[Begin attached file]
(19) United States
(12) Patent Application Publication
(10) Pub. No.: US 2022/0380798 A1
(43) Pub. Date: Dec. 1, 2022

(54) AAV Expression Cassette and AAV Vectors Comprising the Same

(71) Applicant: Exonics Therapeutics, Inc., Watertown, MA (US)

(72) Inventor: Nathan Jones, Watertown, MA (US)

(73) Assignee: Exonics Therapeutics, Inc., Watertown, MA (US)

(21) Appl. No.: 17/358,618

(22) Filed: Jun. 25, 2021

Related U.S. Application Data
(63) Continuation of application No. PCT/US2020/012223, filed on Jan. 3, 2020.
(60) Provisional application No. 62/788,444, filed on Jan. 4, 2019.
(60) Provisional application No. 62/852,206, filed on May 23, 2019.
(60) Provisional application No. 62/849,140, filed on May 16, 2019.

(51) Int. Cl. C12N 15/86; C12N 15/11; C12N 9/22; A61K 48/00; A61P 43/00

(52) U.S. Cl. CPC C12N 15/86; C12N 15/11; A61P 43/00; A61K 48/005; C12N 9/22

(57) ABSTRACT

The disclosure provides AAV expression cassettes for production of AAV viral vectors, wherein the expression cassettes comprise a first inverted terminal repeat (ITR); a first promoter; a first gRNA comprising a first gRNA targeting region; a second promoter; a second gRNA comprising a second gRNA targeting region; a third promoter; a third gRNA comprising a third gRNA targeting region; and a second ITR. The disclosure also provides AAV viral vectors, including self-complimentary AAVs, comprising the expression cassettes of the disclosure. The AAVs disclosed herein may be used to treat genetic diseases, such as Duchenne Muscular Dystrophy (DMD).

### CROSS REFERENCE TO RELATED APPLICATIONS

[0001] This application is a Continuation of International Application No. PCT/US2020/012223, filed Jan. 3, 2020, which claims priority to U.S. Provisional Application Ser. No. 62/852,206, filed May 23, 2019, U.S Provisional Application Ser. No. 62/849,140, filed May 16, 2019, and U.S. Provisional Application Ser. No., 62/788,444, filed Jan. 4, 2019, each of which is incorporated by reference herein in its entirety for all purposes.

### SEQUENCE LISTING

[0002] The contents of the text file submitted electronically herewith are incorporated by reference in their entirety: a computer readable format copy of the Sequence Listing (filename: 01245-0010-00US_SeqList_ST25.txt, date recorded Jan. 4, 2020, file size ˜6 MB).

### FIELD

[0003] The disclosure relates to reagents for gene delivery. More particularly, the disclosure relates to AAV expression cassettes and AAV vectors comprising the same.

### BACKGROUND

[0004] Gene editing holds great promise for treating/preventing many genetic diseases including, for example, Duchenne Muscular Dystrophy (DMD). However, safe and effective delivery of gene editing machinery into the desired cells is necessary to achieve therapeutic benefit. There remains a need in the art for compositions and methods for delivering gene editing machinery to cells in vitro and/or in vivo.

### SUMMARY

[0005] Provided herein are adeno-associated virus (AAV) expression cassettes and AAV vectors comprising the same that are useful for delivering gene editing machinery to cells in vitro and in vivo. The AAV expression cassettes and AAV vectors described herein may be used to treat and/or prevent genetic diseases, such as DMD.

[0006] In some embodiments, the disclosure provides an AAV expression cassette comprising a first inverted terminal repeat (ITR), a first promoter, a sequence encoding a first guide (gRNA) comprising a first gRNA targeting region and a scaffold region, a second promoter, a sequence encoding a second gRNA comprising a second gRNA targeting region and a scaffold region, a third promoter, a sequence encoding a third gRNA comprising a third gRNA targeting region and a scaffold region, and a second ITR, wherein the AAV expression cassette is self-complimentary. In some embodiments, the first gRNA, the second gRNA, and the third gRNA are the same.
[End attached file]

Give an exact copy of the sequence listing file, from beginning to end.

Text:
(19) United States
(12) Patent Application Publication
(10) Pub. No.: US 2022/0380798 A1
(43) Pub. Date: Dec. 1, 2022

(54) AAV Expression Cassette and AAV Vectors Comprising the Same

(71) Applicant: Exonics Therapeutics, Inc., Watertown, MA (US)

(72) Inventor: Nathan Jones, Watertown, MA (US)

(73) Assignee: Exonics Therapeutics, Inc., Watertown, MA (US)

(21) Appl. No.: 17/358,618

(22) Filed: Jun. 25, 2021

Related U.S. Application Data
(63) Continuation of application No. PCT/US2020/012223, filed on Jan. 3, 2020.
(60) Provisional application No. 62/788,444, filed on Jan. 4, 2019.
(60) Provisional application No. 62/852,206, filed on May 23, 2019.
(60) Provisional application No. 62/849,140, filed on May 16, 2019.

(51) Int. Cl. C12N 15/86; C12N 15/11; C12N 9/22; A61K 48/00; A61P 43/00

(52) U.S. Cl. CPC C12N 15/86; C12N 15/11; A61P 43/00; A61K 48/005; C12N 9/22

(57) ABSTRACT

The disclosure provides AAV expression cassettes for production of AAV viral vectors, wherein the expression cassettes comprise a first inverted terminal repeat (ITR); a first promoter; a first gRNA comprising a first gRNA targeting region; a second promoter; a second gRNA comprising a second gRNA targeting region; a third promoter; a third gRNA comprising a third gRNA targeting region; and a second ITR. The disclosure also provides AAV viral vectors, including self-complimentary AAVs, comprising the expression cassettes of the disclosure. The AAVs disclosed herein may be used to treat genetic diseases, such as Duchenne Muscular Dystrophy (DMD).

### CROSS REFERENCE TO RELATED APPLICATIONS

[0001] This application is a Continuation of International Application No. PCT/US2020/012223, filed Jan. 3, 2020, which claims priority to U.S. Provisional Application Ser. No. 62/852,206, filed May 23, 2019, U.S Provisional Application Ser. No. 62/849,140, filed May 16, 2019, and U.S. Provisional Application Ser. No., 62/788,444, filed Jan. 4, 2019, each of which is incorporated by reference herein in its entirety for all purposes.

### SEQUENCE LISTING

[0002] The contents of the text file submitted electronically herewith are incorporated by reference in their entirety: a computer readable format copy of the Sequence Listing (filename: 01245-0010-00US_SeqList_ST25.txt, date recorded Jan. 4, 2020, file size ˜6 MB).

### FIELD

[0003] The disclosure relates to reagents for gene delivery. More particularly, the disclosure relates to AAV expression cassettes and AAV vectors comprising the same.

### BACKGROUND

[0004] Gene editing holds great promise for treating/preventing many genetic diseases including, for example, Duchenne Muscular Dystrophy (DMD). However, safe and effective delivery of gene editing machinery into the desired cells is necessary to achieve therapeutic benefit. There remains a need in the art for compositions and methods for delivering gene editing machinery to cells in vitro and/or in vivo.

### SUMMARY

[0005] Provided herein are adeno-associated virus (AAV) expression cassettes and AAV vectors comprising the same that are useful for delivering gene editing machinery to cells in vitro and in vivo. The AAV expression cassettes and AAV vectors described herein may be used to treat and/or prevent genetic diseases, such as DMD.

[0006] In some embodiments, the disclosure provides an AAV expression cassette comprising a first inverted terminal repeat (ITR), a first promoter, a sequence encoding a first guide (gRNA) comprising a first gRNA targeting region and a scaffold region, a second promoter, a sequence encoding a second gRNA comprising a second gRNA targeting region and a scaffold region, a third promoter, a sequence encoding a third gRNA comprising a third gRNA targeting region and a scaffold region, and a second ITR, wherein the AAV expression cassette is self-complimentary. In some embodiments, the first gRNA, the second gRNA, and the third gRNA are the same.